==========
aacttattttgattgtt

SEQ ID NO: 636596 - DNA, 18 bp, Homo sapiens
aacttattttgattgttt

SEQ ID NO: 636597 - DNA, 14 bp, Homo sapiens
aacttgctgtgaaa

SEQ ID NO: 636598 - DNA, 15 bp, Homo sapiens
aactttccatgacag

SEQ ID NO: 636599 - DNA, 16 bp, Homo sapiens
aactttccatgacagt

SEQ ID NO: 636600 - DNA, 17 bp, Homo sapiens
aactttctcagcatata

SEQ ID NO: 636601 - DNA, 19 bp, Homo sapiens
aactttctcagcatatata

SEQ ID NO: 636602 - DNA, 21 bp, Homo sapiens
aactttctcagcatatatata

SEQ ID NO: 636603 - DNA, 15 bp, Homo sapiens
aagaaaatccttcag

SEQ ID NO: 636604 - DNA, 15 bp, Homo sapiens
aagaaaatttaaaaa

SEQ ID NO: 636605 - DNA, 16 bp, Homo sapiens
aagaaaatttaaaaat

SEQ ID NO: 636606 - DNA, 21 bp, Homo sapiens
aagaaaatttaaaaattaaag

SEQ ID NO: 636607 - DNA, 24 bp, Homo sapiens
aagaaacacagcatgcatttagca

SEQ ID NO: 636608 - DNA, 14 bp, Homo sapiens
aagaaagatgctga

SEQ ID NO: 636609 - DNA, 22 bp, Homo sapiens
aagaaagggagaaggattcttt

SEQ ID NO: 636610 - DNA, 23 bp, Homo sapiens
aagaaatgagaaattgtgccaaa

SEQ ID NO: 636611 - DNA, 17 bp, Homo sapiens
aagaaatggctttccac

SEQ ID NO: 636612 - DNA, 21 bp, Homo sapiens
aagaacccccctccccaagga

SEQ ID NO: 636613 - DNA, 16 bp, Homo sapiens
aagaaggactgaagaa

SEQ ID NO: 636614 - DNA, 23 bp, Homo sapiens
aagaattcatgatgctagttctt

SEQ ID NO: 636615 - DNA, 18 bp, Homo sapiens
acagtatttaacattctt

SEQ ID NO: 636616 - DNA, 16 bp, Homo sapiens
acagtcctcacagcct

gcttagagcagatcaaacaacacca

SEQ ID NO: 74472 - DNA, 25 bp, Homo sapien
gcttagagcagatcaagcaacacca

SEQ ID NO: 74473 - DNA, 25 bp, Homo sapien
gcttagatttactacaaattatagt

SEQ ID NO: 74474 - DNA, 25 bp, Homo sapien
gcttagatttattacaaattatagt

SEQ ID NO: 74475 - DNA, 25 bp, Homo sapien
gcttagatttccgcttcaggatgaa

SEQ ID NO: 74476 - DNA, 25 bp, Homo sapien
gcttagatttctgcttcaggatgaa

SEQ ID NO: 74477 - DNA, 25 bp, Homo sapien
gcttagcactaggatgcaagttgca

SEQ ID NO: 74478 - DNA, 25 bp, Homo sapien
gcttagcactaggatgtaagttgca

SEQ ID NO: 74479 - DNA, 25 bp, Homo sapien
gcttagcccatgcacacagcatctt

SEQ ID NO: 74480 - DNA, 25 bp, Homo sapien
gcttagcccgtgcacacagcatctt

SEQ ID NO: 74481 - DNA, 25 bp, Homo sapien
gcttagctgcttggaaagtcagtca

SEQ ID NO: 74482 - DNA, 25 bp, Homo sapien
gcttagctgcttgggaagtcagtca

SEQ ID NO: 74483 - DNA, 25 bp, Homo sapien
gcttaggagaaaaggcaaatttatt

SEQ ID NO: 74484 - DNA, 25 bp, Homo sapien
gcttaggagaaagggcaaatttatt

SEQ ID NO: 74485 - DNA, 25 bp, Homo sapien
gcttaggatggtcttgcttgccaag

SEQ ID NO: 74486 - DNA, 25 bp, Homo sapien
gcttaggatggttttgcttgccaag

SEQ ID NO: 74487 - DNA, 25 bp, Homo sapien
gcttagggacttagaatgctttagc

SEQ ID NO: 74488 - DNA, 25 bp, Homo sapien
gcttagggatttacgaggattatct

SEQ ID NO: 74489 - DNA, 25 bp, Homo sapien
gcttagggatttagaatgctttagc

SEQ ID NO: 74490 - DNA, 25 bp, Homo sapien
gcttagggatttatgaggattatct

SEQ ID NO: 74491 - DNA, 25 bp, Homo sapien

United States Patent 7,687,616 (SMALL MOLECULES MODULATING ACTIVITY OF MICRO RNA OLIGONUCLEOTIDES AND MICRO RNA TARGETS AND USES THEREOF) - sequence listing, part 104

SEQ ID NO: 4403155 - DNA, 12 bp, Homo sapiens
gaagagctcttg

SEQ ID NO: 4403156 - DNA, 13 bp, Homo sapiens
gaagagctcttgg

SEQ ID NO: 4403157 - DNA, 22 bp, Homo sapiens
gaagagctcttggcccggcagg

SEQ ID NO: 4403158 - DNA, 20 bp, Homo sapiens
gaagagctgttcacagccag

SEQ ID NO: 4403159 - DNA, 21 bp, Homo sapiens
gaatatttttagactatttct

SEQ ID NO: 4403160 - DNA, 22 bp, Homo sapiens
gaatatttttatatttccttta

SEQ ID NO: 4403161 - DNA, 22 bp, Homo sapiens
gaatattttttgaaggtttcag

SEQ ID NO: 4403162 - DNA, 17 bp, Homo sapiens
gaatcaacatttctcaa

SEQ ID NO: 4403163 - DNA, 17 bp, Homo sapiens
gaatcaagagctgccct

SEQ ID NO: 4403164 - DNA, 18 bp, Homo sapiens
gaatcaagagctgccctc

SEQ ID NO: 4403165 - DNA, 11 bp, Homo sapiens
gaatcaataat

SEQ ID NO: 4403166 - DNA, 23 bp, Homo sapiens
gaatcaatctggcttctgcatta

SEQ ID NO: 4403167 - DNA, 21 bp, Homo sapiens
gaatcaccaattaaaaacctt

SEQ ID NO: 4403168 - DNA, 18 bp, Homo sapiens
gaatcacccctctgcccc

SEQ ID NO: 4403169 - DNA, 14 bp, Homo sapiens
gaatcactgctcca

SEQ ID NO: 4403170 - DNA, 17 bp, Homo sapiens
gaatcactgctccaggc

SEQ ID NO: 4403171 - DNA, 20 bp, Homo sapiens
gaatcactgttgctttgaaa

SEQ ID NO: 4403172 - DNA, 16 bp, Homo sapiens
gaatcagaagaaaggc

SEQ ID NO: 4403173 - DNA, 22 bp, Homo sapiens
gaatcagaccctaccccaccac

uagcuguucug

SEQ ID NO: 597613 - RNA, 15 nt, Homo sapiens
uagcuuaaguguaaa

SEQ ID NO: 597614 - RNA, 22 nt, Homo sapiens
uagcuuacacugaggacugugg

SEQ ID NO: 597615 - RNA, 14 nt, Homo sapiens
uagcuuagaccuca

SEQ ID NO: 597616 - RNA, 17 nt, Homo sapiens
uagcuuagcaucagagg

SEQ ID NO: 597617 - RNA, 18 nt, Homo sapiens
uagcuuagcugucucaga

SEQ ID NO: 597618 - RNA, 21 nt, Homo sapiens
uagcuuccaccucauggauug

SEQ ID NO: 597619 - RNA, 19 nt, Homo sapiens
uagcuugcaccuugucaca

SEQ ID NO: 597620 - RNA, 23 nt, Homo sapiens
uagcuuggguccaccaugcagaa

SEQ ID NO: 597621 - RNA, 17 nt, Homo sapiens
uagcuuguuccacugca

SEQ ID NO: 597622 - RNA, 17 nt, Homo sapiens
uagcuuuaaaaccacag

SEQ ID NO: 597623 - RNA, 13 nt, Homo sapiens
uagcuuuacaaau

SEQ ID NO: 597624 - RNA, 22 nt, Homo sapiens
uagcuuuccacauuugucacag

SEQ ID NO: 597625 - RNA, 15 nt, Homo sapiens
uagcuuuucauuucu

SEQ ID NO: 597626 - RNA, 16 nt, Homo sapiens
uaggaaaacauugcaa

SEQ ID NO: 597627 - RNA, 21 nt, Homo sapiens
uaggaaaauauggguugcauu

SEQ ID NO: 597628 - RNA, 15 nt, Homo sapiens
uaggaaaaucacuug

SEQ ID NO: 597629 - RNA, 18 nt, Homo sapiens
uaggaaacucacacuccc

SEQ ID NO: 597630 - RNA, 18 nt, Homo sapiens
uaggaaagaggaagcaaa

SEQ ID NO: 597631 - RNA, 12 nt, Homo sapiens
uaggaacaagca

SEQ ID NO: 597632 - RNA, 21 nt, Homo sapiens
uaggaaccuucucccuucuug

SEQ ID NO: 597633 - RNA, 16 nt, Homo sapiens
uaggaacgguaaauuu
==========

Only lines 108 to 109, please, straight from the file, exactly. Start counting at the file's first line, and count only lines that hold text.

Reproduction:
gaatcaatctggcttctgcatta

SEQ ID NO: 4403167 - DNA, 21 bp, Homo sapiens